The GESLA dataset of high-frequency (hourly or more frequent) data was collated in 2009 and updated in 2017. It is the combination of hourly records from the JASL data set distributed by UHSLC and other data obtained from operators of tide gauge networks. The curators of the GESLA dataset have not done any quality control of their own on the data, but data should have been quality controlled by the supplying authority.

Data is distributed in an ASCII format, and can be obtained from the GESLA website.

IOC Sea Level Monitoring Facility

Data type: Real time high frequency data, with no quality control

The IOC Sea Level Monitoring Facility (operated by the Flanders Marine Institute, VLIZ) is a web portal that receives and distributes data from tide gauges in real time. Originally developed for tsunami monitoring, the facility now hosts data from sites across the world. Data arrives in real time, and has absolutely no quality control.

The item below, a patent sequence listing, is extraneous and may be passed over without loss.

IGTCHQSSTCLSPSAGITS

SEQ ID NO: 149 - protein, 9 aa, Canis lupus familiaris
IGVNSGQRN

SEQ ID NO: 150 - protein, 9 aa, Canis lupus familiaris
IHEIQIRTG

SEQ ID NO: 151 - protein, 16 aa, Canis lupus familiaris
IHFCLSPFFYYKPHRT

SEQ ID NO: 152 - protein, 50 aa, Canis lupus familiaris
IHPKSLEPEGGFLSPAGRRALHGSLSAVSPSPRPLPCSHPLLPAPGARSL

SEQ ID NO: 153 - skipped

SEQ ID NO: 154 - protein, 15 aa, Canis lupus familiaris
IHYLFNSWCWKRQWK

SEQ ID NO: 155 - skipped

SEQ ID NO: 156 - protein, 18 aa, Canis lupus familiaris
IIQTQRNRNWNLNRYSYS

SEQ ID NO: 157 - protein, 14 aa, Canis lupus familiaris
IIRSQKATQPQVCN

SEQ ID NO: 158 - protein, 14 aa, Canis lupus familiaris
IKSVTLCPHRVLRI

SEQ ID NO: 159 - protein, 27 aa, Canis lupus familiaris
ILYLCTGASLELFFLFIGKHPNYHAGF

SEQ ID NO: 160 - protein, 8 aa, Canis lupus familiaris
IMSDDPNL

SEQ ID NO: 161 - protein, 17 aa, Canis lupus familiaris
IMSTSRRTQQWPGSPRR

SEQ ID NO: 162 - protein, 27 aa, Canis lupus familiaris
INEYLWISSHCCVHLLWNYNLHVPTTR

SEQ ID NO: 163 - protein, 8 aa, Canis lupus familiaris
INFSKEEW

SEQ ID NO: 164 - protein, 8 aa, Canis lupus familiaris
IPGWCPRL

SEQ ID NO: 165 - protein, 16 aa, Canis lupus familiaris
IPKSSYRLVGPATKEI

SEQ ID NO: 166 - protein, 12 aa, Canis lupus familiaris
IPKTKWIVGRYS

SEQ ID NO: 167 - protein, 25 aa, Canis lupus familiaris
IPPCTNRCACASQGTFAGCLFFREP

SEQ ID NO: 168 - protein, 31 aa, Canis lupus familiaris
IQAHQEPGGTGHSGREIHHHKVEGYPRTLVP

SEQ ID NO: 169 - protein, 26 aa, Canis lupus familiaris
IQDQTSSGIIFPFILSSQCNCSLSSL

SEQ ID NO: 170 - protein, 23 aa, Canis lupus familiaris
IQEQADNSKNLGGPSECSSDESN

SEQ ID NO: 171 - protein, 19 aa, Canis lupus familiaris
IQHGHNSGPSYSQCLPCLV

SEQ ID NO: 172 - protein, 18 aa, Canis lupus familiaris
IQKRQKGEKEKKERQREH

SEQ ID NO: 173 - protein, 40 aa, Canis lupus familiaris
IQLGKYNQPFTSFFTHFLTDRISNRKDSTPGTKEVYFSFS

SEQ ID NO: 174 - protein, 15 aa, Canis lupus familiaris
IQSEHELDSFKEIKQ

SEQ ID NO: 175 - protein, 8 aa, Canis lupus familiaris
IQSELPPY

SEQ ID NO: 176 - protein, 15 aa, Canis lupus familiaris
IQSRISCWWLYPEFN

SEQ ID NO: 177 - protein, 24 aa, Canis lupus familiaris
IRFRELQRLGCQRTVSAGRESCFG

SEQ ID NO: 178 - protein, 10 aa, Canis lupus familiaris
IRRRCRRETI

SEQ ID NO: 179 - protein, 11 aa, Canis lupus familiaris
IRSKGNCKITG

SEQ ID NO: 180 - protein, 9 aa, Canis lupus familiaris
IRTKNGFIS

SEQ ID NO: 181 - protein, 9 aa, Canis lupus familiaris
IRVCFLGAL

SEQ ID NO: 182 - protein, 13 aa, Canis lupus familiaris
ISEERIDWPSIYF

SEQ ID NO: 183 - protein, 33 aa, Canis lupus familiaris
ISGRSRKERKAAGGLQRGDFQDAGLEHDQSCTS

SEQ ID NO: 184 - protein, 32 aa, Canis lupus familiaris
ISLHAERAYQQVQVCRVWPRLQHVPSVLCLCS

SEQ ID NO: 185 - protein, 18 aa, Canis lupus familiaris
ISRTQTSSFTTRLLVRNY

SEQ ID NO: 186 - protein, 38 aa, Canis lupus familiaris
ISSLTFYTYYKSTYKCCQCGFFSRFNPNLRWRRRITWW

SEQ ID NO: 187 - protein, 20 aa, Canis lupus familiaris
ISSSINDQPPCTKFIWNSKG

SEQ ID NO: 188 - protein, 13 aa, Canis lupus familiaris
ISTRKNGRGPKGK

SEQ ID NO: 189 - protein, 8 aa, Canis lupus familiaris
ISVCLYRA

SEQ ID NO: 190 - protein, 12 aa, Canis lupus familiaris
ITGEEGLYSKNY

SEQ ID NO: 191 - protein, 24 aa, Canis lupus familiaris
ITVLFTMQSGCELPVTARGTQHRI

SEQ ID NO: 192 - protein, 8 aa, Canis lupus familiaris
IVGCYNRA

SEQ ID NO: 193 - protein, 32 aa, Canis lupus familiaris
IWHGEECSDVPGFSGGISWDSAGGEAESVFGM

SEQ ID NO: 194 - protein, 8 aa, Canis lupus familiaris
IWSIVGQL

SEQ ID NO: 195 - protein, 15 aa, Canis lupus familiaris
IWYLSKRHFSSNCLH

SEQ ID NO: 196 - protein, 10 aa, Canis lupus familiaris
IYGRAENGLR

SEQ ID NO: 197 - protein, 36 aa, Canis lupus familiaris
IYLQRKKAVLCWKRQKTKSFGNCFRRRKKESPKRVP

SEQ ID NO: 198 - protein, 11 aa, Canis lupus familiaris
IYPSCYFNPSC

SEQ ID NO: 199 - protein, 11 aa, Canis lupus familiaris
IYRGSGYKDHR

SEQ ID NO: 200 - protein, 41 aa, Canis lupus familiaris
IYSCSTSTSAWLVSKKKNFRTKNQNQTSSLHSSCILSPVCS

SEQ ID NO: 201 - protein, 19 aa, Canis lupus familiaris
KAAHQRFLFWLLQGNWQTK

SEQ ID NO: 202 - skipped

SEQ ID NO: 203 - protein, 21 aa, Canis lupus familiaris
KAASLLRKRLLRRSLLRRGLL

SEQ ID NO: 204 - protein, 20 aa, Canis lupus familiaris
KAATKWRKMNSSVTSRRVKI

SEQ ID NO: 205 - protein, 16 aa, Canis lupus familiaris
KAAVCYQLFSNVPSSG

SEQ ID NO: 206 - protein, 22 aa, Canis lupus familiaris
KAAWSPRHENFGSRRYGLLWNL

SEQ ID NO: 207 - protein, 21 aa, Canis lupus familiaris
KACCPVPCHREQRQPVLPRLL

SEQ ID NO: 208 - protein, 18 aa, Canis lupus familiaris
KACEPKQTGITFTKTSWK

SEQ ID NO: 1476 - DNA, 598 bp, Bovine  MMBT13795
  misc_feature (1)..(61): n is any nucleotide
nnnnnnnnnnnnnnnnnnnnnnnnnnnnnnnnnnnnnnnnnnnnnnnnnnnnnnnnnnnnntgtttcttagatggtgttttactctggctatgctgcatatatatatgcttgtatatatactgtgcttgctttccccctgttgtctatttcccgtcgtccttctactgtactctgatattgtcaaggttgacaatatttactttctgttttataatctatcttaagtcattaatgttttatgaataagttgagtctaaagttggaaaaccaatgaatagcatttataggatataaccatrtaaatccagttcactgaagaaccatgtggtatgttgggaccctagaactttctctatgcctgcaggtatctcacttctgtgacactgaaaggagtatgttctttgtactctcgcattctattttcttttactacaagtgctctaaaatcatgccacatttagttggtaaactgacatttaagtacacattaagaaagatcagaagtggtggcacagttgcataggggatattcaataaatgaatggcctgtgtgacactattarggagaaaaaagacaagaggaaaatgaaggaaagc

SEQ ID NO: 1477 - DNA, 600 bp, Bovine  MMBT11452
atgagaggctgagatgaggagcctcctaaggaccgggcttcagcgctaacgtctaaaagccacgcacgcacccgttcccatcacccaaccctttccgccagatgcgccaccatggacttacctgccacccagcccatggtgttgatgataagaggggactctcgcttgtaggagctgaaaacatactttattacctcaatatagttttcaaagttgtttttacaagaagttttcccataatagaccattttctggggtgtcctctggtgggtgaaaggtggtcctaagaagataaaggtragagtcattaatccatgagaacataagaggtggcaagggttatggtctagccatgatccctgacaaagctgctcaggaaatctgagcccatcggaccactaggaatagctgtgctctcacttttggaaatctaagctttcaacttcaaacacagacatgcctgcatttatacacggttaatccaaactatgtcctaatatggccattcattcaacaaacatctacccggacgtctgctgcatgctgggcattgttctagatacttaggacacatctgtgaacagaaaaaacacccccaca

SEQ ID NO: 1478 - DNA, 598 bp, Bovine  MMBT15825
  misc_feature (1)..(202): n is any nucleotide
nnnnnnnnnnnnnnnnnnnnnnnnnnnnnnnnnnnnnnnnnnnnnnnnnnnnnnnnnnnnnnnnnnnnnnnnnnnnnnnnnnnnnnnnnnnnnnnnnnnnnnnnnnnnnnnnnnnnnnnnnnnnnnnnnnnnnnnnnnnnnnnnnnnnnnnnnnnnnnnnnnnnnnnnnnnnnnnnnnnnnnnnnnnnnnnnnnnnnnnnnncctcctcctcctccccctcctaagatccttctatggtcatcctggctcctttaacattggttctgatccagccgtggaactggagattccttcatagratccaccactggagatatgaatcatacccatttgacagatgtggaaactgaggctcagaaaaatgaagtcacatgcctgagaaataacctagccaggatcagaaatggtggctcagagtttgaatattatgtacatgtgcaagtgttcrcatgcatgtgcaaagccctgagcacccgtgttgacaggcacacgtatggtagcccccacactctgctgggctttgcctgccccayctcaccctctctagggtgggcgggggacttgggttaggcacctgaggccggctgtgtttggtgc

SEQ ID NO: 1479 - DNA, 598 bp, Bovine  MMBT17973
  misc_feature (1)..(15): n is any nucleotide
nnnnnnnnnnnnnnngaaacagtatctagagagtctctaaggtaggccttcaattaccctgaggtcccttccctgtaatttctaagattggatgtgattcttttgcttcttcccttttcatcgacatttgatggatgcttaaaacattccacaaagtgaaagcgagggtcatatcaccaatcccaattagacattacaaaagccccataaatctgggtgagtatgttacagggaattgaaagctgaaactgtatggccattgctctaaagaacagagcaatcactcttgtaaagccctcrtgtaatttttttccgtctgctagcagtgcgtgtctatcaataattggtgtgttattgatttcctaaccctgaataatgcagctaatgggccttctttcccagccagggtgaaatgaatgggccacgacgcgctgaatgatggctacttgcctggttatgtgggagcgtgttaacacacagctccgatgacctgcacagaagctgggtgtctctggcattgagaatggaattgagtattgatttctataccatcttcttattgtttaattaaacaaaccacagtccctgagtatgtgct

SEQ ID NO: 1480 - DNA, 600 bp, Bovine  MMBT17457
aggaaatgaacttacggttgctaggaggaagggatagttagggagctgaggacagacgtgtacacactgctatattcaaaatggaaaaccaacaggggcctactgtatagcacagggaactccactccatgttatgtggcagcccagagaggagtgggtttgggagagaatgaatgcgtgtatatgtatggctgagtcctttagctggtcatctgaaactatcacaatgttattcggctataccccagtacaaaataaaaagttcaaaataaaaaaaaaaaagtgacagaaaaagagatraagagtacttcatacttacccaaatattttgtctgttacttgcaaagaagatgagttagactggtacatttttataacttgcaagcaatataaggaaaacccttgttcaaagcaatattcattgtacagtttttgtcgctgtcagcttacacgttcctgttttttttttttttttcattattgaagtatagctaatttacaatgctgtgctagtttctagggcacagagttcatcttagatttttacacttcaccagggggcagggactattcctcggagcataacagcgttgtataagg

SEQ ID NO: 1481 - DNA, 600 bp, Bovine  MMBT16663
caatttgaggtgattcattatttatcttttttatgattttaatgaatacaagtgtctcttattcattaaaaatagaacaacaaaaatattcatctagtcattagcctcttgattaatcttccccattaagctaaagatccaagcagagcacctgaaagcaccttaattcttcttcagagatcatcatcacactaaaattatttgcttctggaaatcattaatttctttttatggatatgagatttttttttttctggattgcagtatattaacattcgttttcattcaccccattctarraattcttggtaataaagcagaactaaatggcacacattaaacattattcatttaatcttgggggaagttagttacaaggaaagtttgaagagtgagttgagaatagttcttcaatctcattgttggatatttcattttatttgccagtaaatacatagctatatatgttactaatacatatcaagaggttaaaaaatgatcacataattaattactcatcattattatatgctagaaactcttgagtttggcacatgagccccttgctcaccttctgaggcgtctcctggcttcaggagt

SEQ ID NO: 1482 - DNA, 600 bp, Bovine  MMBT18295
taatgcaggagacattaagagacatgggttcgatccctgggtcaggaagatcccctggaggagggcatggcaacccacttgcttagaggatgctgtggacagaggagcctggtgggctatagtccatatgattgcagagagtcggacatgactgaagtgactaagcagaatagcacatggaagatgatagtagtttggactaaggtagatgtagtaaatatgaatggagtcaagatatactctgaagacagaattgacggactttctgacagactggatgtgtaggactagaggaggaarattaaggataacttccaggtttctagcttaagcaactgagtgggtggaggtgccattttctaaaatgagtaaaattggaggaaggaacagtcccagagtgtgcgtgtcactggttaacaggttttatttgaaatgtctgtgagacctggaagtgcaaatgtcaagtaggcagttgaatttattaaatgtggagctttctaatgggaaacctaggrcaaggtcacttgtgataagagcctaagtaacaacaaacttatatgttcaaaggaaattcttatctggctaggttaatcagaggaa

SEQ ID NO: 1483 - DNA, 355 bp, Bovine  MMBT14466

Data is available in a variety of text formats, including JSON and XML formats. Data can be obtained using a REST web service: details of how to use it are given here. A maximum of 30 days can be obtained in a single call. For example, the real time data recorded at Stornoway in January 2012, can be obtained in text format from the URL×tart=2012-01-01&timeend=2012-01-31&format=ascii.

National Oceanic and Atmospheric Administration (NOAA), USA

Data type: Quality controlled data, frequencies range from 1 minute to monthly